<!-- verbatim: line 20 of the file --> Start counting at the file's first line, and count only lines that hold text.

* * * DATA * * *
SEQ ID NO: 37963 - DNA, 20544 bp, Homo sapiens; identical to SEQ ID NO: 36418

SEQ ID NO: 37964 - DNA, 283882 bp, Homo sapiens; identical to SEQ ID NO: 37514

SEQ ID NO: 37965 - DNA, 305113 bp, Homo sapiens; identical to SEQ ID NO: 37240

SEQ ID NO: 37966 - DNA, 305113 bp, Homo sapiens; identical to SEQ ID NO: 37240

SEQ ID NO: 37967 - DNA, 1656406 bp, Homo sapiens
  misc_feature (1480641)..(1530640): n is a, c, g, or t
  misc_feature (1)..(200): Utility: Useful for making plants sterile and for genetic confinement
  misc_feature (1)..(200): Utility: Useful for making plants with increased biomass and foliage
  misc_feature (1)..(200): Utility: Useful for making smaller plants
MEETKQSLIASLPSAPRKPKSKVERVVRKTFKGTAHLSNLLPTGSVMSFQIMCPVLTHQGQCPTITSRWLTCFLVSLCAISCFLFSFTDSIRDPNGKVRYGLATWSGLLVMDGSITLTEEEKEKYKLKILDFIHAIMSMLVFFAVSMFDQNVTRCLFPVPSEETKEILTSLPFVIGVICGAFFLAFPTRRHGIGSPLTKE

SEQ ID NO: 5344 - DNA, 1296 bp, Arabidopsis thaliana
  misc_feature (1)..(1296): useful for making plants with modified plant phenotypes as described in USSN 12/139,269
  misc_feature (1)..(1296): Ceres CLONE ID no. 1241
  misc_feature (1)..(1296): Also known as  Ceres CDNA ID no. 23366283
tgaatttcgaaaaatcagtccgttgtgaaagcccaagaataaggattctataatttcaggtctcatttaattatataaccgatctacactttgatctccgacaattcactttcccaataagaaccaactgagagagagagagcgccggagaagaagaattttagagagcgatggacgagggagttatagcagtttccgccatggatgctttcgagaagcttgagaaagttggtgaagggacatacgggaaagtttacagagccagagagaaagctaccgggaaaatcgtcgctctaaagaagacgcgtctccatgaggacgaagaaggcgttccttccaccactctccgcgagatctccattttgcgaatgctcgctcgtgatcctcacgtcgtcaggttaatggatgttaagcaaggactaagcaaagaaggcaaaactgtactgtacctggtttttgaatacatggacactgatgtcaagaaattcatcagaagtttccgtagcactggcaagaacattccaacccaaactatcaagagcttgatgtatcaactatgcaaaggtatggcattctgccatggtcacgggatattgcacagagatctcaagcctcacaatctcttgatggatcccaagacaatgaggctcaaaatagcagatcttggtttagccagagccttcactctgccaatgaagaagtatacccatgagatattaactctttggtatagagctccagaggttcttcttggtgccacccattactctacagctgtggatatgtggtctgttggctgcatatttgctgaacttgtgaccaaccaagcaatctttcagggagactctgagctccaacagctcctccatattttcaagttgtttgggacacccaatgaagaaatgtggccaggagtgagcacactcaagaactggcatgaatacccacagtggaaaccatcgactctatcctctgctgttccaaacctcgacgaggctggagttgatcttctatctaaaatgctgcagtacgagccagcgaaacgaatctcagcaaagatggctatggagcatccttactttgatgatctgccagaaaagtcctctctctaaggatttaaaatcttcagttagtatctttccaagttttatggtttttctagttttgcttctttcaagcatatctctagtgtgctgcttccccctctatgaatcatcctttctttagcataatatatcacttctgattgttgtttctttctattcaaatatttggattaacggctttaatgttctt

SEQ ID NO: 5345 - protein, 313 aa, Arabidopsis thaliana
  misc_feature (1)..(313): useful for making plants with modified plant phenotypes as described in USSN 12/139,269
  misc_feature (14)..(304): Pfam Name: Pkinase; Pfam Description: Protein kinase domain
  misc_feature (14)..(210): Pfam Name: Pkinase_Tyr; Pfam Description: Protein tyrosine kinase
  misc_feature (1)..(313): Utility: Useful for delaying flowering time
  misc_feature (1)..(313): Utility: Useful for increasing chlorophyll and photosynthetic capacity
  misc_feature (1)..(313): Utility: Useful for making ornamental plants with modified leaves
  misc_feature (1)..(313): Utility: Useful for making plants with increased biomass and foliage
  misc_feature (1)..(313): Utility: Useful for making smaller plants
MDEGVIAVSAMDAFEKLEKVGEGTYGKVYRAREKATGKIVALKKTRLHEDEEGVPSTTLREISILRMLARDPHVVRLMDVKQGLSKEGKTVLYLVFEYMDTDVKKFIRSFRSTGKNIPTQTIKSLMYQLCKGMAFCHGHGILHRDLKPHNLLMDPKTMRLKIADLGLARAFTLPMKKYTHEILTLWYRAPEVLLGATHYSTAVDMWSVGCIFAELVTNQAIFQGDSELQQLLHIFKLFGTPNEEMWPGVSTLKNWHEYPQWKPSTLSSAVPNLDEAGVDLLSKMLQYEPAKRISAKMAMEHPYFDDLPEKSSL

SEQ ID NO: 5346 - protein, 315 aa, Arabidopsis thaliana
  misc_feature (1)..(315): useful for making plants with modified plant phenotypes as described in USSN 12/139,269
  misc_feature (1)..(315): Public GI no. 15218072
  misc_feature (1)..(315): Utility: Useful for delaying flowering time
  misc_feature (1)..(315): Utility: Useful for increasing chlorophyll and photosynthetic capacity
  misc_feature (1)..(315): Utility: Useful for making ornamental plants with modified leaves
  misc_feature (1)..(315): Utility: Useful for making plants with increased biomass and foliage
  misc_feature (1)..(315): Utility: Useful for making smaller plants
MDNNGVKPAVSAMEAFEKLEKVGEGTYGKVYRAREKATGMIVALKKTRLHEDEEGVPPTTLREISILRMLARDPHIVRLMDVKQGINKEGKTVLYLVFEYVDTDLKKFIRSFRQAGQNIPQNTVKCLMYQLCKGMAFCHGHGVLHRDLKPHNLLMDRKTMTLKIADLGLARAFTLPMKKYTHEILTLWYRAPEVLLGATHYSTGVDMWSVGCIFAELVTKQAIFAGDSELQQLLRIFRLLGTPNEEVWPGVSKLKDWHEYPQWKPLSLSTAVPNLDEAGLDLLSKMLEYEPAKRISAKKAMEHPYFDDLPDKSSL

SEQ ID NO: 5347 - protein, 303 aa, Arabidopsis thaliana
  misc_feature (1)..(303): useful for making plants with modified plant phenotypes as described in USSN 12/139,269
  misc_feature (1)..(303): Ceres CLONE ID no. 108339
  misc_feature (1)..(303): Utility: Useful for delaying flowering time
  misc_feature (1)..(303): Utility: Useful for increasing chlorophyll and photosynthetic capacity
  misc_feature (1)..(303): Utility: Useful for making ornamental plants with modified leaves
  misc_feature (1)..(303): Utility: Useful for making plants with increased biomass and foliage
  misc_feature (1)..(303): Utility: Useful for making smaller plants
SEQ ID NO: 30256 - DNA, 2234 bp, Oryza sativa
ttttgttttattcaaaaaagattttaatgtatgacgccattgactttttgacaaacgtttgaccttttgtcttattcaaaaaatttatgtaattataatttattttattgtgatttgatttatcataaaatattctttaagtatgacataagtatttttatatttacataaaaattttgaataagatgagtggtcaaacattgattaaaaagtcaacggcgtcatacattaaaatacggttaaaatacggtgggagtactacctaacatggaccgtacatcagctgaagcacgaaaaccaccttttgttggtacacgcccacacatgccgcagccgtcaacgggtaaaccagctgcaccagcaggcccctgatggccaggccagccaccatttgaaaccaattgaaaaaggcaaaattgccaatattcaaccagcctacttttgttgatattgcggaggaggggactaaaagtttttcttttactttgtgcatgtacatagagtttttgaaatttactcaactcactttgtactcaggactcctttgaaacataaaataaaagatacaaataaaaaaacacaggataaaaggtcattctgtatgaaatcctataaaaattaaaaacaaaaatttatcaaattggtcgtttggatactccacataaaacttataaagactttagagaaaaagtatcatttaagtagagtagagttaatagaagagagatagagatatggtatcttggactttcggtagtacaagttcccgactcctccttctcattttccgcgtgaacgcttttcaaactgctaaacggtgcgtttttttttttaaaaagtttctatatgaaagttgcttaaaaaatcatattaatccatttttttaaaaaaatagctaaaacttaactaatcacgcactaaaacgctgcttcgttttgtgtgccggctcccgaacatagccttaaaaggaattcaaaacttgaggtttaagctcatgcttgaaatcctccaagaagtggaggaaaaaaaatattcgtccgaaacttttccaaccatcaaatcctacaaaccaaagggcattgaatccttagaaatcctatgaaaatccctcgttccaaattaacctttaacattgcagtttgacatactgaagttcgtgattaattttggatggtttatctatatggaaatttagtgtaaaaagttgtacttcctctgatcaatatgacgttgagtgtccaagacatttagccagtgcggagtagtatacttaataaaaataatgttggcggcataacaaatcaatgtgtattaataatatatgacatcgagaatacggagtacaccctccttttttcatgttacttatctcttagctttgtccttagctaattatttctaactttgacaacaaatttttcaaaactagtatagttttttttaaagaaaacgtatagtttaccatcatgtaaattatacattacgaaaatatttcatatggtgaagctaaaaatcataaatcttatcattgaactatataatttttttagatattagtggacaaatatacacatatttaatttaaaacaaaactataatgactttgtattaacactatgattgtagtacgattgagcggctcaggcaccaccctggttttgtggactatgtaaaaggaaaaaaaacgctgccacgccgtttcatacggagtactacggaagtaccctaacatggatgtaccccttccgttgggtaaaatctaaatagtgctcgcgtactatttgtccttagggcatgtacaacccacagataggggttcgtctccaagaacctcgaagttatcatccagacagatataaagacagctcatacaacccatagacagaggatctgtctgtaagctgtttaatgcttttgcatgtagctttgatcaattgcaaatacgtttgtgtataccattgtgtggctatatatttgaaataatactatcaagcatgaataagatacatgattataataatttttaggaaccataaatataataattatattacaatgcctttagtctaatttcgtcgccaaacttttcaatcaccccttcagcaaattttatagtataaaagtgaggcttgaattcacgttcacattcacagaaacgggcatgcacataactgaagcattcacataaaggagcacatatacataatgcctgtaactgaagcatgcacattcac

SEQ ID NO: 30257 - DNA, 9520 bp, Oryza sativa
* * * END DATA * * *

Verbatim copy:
  misc_feature (1)..(313): Utility: Useful for delaying flowering time